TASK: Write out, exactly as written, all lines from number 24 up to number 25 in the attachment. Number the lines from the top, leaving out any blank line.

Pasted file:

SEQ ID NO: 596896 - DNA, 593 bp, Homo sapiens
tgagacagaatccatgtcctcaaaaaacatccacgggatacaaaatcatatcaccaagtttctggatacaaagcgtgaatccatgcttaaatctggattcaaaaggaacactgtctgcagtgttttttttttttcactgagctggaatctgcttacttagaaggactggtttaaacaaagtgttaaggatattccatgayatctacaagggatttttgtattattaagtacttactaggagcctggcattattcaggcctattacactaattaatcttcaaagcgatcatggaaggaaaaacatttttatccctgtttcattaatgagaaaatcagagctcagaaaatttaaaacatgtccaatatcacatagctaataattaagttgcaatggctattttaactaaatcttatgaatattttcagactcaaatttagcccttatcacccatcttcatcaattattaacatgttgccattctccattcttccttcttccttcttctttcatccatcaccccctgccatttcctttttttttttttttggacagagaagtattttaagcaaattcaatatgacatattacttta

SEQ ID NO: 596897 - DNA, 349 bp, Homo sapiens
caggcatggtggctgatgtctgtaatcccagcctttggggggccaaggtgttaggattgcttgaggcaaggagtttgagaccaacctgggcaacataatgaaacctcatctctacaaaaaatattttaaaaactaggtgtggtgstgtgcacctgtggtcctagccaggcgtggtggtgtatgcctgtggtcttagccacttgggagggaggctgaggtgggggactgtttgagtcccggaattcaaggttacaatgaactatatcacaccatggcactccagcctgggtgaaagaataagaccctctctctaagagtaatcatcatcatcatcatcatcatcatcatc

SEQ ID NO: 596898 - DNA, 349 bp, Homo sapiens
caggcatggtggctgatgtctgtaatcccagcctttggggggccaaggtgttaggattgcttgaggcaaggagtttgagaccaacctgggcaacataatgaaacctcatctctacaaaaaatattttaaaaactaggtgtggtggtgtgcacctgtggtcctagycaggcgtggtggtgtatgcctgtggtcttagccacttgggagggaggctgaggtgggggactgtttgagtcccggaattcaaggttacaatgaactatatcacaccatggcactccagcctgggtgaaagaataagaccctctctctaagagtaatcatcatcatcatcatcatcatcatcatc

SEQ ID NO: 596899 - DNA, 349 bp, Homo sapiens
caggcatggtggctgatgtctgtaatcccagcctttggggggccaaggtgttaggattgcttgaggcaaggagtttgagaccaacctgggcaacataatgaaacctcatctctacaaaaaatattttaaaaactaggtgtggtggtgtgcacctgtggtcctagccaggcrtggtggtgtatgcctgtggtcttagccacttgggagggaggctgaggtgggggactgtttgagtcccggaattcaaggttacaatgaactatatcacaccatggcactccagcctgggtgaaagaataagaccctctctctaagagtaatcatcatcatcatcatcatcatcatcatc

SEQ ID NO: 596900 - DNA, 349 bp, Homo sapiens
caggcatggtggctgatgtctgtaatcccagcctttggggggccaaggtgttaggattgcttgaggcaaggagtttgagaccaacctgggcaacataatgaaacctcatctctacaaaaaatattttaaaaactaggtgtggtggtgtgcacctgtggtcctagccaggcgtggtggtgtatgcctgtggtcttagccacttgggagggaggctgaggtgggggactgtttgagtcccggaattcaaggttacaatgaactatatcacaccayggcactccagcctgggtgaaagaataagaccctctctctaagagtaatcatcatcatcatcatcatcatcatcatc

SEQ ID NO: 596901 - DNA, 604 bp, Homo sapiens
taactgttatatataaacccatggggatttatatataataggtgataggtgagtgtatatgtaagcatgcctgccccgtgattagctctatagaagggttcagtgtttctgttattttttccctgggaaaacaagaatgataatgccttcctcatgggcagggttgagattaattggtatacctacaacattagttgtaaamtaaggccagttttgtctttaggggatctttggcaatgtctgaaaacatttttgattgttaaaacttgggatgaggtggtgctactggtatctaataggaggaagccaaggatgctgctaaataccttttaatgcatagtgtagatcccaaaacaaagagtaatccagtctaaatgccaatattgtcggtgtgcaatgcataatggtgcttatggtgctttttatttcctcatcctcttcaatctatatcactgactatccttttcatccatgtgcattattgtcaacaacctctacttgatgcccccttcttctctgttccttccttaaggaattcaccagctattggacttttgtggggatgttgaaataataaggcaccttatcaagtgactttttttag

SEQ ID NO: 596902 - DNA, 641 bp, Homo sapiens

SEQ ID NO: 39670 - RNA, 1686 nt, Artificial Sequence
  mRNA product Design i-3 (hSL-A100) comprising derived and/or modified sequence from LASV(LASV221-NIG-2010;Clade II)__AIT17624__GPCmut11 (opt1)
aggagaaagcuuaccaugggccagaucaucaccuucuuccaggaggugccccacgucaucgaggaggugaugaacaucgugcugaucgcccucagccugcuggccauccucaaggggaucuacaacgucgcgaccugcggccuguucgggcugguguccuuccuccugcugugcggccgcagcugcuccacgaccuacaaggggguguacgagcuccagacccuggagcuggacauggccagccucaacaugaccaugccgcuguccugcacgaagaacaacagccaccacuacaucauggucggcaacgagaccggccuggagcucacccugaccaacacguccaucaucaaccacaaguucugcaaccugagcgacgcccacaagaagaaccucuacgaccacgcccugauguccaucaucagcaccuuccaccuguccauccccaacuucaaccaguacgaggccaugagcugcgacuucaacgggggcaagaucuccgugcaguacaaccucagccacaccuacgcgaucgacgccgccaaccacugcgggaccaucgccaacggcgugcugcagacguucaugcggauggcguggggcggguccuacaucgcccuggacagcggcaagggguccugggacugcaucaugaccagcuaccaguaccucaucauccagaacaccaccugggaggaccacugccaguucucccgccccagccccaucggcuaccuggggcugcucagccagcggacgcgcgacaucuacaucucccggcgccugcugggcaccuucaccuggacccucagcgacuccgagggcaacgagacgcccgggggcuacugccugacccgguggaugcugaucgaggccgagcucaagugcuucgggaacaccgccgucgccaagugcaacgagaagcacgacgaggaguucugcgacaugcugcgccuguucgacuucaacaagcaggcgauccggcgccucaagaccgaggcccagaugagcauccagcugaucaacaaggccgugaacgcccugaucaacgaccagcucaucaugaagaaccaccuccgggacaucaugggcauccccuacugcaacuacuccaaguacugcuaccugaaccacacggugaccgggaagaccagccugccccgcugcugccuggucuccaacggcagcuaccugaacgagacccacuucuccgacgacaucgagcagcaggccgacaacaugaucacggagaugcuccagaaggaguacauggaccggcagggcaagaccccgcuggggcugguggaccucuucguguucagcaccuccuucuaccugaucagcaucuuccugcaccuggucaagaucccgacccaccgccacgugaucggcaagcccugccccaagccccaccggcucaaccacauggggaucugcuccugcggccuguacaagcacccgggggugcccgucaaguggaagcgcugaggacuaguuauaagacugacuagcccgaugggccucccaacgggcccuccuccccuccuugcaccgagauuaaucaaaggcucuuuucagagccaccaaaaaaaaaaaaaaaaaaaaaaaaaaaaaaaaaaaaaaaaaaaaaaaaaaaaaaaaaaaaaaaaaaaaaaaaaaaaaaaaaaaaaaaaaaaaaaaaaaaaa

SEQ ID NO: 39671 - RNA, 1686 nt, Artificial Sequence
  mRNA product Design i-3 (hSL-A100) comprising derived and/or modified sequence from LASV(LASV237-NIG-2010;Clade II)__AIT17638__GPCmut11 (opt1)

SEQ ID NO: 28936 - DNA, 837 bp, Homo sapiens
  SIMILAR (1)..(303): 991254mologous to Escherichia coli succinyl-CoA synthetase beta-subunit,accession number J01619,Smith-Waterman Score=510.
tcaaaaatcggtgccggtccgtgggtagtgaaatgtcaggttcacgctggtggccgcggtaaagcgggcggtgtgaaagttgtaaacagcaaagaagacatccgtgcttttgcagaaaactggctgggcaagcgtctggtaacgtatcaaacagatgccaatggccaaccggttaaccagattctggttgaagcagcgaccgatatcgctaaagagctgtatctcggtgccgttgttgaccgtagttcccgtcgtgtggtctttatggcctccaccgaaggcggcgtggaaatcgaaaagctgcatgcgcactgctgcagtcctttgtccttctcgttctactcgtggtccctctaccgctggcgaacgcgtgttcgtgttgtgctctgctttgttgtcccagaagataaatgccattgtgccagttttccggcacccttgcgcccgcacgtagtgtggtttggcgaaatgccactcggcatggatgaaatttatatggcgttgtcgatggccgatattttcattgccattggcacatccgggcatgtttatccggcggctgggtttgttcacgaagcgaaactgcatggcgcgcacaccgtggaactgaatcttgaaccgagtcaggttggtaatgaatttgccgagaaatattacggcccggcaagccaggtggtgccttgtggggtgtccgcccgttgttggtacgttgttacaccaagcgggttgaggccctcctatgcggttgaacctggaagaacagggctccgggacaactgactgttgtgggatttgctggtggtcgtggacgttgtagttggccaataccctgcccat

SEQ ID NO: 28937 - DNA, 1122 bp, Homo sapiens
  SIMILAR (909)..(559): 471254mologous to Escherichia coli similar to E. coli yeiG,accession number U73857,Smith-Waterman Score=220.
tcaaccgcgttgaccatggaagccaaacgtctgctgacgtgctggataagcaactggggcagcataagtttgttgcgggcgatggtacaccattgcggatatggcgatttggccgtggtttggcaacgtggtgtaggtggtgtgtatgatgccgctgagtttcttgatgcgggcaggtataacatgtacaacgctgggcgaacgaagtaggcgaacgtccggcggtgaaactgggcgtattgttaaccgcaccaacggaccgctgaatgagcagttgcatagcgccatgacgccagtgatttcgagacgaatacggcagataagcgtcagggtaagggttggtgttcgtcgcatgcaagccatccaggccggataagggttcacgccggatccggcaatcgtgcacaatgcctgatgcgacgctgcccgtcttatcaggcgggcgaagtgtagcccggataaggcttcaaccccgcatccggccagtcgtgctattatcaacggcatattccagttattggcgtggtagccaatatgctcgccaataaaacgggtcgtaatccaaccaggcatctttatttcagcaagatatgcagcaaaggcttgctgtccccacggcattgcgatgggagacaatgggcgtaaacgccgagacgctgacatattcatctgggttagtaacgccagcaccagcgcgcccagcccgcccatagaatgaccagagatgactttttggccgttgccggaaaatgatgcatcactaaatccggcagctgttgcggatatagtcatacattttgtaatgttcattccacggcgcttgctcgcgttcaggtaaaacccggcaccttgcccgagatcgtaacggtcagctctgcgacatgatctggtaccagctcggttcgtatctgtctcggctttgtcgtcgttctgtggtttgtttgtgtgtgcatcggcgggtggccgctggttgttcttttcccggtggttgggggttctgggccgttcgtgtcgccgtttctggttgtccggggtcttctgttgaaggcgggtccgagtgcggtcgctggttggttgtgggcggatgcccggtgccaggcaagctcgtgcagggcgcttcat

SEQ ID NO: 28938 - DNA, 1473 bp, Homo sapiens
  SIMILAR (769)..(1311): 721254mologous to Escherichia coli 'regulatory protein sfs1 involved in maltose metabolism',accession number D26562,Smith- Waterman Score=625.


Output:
tcaaccgcgttgaccatggaagccaaacgtctgctgacgtgctggataagcaactggggcagcataagtttgttgcgggcgatggtacaccattgcggatatggcgatttggccgtggtttggcaacgtggtgtaggtggtgtgtatgatgccgctgagtttcttgatgcgggcaggtataacatgtacaacgctgggcgaacgaagtaggcgaacgtccggcggtgaaactgggcgtattgttaaccgcaccaacggaccgctgaatgagcagttgcatagcgccatgacgccagtgatttcgagacgaatacggcagataagcgtcagggtaagggttggtgttcgtcgcatgcaagccatccaggccggataagggttcacgccggatccggcaatcgtgcacaatgcctgatgcgacgctgcccgtcttatcaggcgggcgaagtgtagcccggataaggcttcaaccccgcatccggccagtcgtgctattatcaacggcatattccagttattggcgtggtagccaatatgctcgccaataaaacgggtcgtaatccaaccaggcatctttatttcagcaagatatgcagcaaaggcttgctgtccccacggcattgcgatgggagacaatgggcgtaaacgccgagacgctgacatattcatctgggttagtaacgccagcaccagcgcgcccagcccgcccatagaatgaccagagatgactttttggccgttgccggaaaatgatgcatcactaaatccggcagctgttgcggatatagtcatacattttgtaatgttcattccacggcgcttgctcgcgttcaggtaaaacccggcaccttgcccgagatcgtaacggtcagctctgcgacatgatctggtaccagctcggttcgtatctgtctcggctttgtcgtcgttctgtggtttgtttgtgtgtgcatcggcgggtggccgctggttgttcttttcccggtggttgggggttctgggccgttcgtgtcgccgtttctggttgtccggggtcttctgttgaaggcgggtccgagtgcggtcgctggttggttgtgggcggatgcccggtgccaggcaagctcgtgcagggcgcttcat

SEQ ID NO: 28938 - DNA, 1473 bp, Homo sapiens